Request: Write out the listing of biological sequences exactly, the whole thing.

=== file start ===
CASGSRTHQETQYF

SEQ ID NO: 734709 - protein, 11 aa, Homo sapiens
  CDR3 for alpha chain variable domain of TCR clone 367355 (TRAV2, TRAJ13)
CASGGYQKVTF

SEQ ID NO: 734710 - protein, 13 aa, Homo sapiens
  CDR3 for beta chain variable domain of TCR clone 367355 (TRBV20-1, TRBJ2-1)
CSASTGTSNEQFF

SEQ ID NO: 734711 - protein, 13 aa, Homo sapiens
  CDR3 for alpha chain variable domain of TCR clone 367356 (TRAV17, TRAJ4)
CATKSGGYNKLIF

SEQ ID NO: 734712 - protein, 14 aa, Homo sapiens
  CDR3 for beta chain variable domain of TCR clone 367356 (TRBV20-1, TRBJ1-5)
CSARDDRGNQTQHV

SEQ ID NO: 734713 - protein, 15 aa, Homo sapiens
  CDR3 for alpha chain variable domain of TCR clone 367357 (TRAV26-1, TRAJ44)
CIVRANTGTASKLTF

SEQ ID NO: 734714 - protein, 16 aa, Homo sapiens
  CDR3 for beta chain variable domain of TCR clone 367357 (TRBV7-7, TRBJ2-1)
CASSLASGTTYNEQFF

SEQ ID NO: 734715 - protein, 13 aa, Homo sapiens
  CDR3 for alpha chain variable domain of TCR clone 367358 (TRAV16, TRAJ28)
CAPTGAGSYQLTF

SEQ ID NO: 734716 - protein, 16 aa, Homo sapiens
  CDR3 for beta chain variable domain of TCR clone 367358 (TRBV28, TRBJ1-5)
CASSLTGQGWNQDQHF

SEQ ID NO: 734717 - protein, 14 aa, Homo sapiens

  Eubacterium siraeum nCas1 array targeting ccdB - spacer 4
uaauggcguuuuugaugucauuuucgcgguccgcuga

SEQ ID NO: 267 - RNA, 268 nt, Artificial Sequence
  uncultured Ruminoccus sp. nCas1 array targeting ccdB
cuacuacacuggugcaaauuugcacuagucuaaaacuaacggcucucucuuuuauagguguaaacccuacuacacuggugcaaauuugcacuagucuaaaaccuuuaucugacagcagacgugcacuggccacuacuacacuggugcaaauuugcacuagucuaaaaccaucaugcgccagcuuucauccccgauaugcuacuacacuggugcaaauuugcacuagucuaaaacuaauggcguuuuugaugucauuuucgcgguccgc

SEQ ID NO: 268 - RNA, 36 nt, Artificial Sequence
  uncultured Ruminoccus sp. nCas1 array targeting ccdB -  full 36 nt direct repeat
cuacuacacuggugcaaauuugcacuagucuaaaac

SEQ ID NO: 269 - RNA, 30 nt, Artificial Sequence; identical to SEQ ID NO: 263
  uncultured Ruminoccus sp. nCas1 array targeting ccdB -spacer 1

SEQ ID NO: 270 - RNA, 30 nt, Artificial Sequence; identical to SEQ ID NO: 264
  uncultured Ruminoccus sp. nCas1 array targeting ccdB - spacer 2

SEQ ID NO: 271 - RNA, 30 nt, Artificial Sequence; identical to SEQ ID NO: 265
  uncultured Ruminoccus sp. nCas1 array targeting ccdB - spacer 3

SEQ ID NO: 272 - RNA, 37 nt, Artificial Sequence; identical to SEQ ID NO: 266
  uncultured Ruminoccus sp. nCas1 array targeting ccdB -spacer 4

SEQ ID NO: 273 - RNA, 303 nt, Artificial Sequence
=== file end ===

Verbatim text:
CASGSRTHQETQYF

SEQ ID NO: 734709 - protein, 11 aa, Homo sapiens
  CDR3 for alpha chain variable domain of TCR clone 367355 (TRAV2, TRAJ13)
CASGGYQKVTF

SEQ ID NO: 734710 - protein, 13 aa, Homo sapiens
  CDR3 for beta chain variable domain of TCR clone 367355 (TRBV20-1, TRBJ2-1)
CSASTGTSNEQFF

SEQ ID NO: 734711 - protein, 13 aa, Homo sapiens
  CDR3 for alpha chain variable domain of TCR clone 367356 (TRAV17, TRAJ4)
CATKSGGYNKLIF

SEQ ID NO: 734712 - protein, 14 aa, Homo sapiens
  CDR3 for beta chain variable domain of TCR clone 367356 (TRBV20-1, TRBJ1-5)
CSARDDRGNQTQHV

SEQ ID NO: 734713 - protein, 15 aa, Homo sapiens
  CDR3 for alpha chain variable domain of TCR clone 367357 (TRAV26-1, TRAJ44)
CIVRANTGTASKLTF

SEQ ID NO: 734714 - protein, 16 aa, Homo sapiens
  CDR3 for beta chain variable domain of TCR clone 367357 (TRBV7-7, TRBJ2-1)
CASSLASGTTYNEQFF

SEQ ID NO: 734715 - protein, 13 aa, Homo sapiens
  CDR3 for alpha chain variable domain of TCR clone 367358 (TRAV16, TRAJ28)
CAPTGAGSYQLTF

SEQ ID NO: 734716 - protein, 16 aa, Homo sapiens
  CDR3 for beta chain variable domain of TCR clone 367358 (TRBV28, TRBJ1-5)
CASSLTGQGWNQDQHF

SEQ ID NO: 734717 - protein, 14 aa, Homo sapiens

  Eubacterium siraeum nCas1 array targeting ccdB - spacer 4
uaauggcguuuuugaugucauuuucgcgguccgcuga

SEQ ID NO: 267 - RNA, 268 nt, Artificial Sequence
  uncultured Ruminoccus sp. nCas1 array targeting ccdB
cuacuacacuggugcaaauuugcacuagucuaaaacuaacggcucucucuuuuauagguguaaacccuacuacacuggugcaaauuugcacuagucuaaaaccuuuaucugacagcagacgugcacuggccacuacuacacuggugcaaauuugcacuagucuaaaaccaucaugcgccagcuuucauccccgauaugcuacuacacuggugcaaauuugcacuagucuaaaacuaauggcguuuuugaugucauuuucgcgguccgc

SEQ ID NO: 268 - RNA, 36 nt, Artificial Sequence
  uncultured Ruminoccus sp. nCas1 array targeting ccdB -  full 36 nt direct repeat
cuacuacacuggugcaaauuugcacuagucuaaaac

SEQ ID NO: 269 - RNA, 30 nt, Artificial Sequence; identical to SEQ ID NO: 263
  uncultured Ruminoccus sp. nCas1 array targeting ccdB -spacer 1

SEQ ID NO: 270 - RNA, 30 nt, Artificial Sequence; identical to SEQ ID NO: 264
  uncultured Ruminoccus sp. nCas1 array targeting ccdB - spacer 2

SEQ ID NO: 271 - RNA, 30 nt, Artificial Sequence; identical to SEQ ID NO: 265
  uncultured Ruminoccus sp. nCas1 array targeting ccdB - spacer 3

SEQ ID NO: 272 - RNA, 37 nt, Artificial Sequence; identical to SEQ ID NO: 266
  uncultured Ruminoccus sp. nCas1 array targeting ccdB -spacer 4

SEQ ID NO: 273 - RNA, 303 nt, Artificial Sequence